Welcome to Marion County, Missouri: Part of MoGenWeb

Souvenir of Hannibal

Hannibal, Missouri, the "best known small city in the United States" is located in a very rich agricultural section on the west bank of the Mississippi River, 120 miles north of St Louis and 290 miles southwest of Chicago. It is in Marion County, in the northeast pact of the state. Lying on the "great Mississippi, the magnificent Mississippi, rolling its mile wide tide along", the history of Hannibal is naturally the history of the West. Following the restless De Soto, came other adventurers and pioneer explorers; among them, Soulard, who named a creek "Hannibal" near the present site of the city. A town was settled there by Moses B. Bates in 1817. In 1845, the town of Hannibal was incorporated as a city.

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Hannibal offers visitors many historic points of interest among which are:


marion115.jpg (24061 bytes)Mark Twain's Boyhood Homemarion107.jpg (38832 bytes)




marion120.jpg (25169 bytes)Tom Sawyer and Huck Finn Statue, the only statue in the world erected to the memory of literary characters




Statue of Mark Twain

marion109.jpg (42779 bytes)The famous Mark Twain Cave

Monument of Congressman Wm. H. Hatch

Federal Building housing the Post Office and Federal offices

Birthplace of Carrol Beckwith, noted American artist

Birthplace of the late Admiral Robert E. Coontz

Becky Thatcher's girlhood home

A number of large metal markers, erected by the State Historical Society of Missouri, are located throughout the city and on U. S. Highway 36, pointing and describing historic sites.

marion100.jpg (23348 bytes)0n U. S. Highway 36 is a new million dollar highway bridge, the Mark Twain Memorial Bridge, with its great expanse of steel and concrete reaching across the Mississippi. This bridge joins the important highways of the states of Missouri and Illinois, giving superb transit facilities to thousands of tourists who cross the nation on the shortest east to west highway-U. S. 36. Another transcontinental highway, U. S. 61, also extends through Hannibal.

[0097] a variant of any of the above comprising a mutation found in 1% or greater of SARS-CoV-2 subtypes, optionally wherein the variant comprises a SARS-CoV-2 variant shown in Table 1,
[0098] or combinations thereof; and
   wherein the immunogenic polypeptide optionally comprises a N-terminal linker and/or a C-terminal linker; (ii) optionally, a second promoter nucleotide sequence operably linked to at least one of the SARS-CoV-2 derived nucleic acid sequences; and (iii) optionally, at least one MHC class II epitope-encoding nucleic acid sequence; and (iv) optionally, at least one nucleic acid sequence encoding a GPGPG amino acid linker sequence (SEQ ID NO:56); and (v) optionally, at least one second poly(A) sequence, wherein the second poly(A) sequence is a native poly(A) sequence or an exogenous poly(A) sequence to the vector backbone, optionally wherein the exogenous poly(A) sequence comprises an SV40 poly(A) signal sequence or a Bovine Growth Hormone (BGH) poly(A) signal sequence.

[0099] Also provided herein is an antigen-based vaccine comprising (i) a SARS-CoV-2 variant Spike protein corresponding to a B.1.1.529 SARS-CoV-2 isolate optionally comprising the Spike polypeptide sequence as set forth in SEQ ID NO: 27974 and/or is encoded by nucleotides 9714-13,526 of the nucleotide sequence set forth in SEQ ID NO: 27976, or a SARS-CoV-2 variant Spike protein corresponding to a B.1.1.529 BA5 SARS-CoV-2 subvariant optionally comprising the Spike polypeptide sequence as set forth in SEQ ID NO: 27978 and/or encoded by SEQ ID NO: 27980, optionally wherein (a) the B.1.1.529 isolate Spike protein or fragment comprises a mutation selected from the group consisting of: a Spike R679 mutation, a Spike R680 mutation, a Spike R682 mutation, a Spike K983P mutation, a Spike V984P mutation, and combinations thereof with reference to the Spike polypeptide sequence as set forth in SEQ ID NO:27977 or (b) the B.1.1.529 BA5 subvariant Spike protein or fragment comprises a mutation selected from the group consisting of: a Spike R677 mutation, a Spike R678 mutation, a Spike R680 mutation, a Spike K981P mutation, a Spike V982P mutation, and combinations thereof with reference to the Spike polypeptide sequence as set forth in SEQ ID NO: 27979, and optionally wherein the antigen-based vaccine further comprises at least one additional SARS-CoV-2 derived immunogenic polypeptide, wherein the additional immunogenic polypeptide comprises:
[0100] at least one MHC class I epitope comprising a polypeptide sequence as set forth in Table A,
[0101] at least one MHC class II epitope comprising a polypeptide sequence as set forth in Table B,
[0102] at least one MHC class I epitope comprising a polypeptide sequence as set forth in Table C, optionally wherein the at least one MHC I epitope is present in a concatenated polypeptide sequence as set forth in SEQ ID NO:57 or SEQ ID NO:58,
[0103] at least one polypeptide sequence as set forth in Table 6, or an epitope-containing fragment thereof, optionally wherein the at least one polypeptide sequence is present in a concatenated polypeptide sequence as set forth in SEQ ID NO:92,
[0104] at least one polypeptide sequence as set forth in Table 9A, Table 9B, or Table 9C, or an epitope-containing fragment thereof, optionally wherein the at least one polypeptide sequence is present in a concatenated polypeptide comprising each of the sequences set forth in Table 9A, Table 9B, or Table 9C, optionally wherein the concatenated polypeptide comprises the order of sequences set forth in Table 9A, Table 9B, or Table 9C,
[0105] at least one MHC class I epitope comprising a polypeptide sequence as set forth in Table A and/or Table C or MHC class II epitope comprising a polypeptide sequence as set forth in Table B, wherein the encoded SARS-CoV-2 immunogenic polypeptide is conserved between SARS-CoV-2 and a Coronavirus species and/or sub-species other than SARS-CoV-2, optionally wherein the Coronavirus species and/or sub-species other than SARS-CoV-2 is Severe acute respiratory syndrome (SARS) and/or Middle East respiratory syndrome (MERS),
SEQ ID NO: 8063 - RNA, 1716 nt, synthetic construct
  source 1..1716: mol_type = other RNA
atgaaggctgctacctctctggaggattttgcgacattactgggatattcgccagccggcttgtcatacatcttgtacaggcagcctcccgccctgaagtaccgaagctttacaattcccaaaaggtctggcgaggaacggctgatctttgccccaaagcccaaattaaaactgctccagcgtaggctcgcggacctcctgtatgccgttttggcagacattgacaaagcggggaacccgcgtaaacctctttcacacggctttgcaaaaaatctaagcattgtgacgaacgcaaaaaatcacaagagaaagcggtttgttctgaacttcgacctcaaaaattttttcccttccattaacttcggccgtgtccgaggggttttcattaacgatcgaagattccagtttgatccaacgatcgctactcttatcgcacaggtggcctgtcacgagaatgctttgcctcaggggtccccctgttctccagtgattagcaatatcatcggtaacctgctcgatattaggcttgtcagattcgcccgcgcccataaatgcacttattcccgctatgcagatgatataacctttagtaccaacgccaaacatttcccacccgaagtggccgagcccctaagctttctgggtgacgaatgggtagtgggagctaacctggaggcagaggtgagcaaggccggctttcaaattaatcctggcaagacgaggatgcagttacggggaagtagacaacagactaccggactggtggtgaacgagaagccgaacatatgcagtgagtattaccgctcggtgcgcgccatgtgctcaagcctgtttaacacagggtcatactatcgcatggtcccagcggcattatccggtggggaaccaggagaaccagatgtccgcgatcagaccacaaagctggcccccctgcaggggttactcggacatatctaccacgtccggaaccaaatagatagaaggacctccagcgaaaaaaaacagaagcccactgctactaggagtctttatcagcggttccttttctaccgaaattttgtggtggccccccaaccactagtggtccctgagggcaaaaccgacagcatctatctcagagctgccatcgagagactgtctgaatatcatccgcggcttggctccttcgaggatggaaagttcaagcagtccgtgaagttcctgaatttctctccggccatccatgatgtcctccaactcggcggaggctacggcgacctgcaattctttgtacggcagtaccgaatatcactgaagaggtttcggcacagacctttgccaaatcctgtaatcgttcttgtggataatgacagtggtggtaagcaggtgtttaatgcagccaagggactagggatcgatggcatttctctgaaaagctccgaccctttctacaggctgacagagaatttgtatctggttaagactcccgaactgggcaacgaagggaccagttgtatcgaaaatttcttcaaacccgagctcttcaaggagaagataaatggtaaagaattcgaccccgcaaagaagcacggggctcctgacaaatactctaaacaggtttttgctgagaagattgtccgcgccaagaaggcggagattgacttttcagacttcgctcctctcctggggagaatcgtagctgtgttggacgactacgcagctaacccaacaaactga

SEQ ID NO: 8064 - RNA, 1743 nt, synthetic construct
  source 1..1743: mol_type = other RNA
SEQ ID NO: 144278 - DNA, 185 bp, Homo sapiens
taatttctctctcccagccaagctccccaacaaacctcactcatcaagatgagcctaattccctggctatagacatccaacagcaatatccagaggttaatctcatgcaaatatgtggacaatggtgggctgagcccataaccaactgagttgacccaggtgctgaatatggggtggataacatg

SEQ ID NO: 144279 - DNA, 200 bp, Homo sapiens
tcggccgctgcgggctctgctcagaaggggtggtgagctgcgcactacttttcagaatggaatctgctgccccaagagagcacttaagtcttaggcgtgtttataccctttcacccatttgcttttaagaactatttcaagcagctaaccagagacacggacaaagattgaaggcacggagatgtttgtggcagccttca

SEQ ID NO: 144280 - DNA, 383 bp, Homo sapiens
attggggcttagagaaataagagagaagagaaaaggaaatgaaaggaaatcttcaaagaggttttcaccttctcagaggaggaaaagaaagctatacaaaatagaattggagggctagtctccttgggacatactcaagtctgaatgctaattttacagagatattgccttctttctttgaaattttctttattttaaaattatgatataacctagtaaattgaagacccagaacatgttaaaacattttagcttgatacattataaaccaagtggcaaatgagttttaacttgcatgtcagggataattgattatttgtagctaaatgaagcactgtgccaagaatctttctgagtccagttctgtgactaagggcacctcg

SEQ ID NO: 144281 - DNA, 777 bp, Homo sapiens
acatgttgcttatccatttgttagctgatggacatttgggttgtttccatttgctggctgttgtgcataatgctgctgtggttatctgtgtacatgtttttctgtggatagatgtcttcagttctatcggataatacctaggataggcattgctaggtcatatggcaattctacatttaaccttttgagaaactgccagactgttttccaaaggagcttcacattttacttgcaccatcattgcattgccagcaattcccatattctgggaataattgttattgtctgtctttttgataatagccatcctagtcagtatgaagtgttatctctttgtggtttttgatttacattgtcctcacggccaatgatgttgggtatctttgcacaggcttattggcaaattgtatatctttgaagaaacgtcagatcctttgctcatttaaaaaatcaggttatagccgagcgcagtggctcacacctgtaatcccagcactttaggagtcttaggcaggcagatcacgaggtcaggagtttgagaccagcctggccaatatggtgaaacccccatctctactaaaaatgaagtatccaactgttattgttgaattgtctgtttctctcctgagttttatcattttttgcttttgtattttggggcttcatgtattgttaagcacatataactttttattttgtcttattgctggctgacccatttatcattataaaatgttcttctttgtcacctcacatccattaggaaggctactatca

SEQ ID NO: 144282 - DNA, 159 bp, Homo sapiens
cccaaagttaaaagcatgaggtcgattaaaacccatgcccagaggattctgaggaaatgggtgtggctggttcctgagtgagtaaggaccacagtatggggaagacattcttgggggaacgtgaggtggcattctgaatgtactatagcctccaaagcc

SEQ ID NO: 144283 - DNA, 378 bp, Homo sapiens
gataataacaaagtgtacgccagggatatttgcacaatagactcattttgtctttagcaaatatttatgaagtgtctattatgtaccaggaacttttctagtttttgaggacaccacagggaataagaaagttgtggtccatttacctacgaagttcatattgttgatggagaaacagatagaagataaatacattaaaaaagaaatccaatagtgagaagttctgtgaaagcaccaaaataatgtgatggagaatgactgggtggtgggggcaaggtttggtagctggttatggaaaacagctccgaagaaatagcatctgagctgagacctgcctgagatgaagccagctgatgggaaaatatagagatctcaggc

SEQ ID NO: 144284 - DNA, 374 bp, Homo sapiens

marion125.jpg (36701 bytes)Hannibal is served by three railroads, has water transportation on the Mississippi, is given daily service by bus and truck line., and has two privately owned airports. Hence, many distinct advantages are offered the manufacturer and distributor, not only by transportation facilities, but by her proximity to raw materials, her supply of efficient native American labor, her plentiful and low priced supply of power, and her exclusive market territory--over two and a half million people in a radius of 125 miles. Added to these advantages are conveniently located industrial sites, abundant supply of good water, modern housing, and the educational, recreational, and shopping facilities of a metropolitan city.

For Hannibal is indeed an enterprising river city, no longer the "little white town drowsing in the sunshine" as it as when Samuel Clemens played on the Mississippi and roamed its surrounding hills. For today it has its shoe factories, foundries, cement mills, railroad shops, woodworking plants, stone quarries, printing shops, sheet iron works, and numerous other industries common to population centers.

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St. Elizabeth's Hospital

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Hannibal LaGrange College

Levering Hospital

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Campus of Hannibal LaGrange College

Hannibal is proud of its progressive spirit which has made it attractive not only as an industrial center, but also as a place of human habitation. It has its churches, it. schools, its hospital, and clubs; its financial resources, industries and business; it has municipal light and water plants, and all of the modern facilities that go to make up a growing city.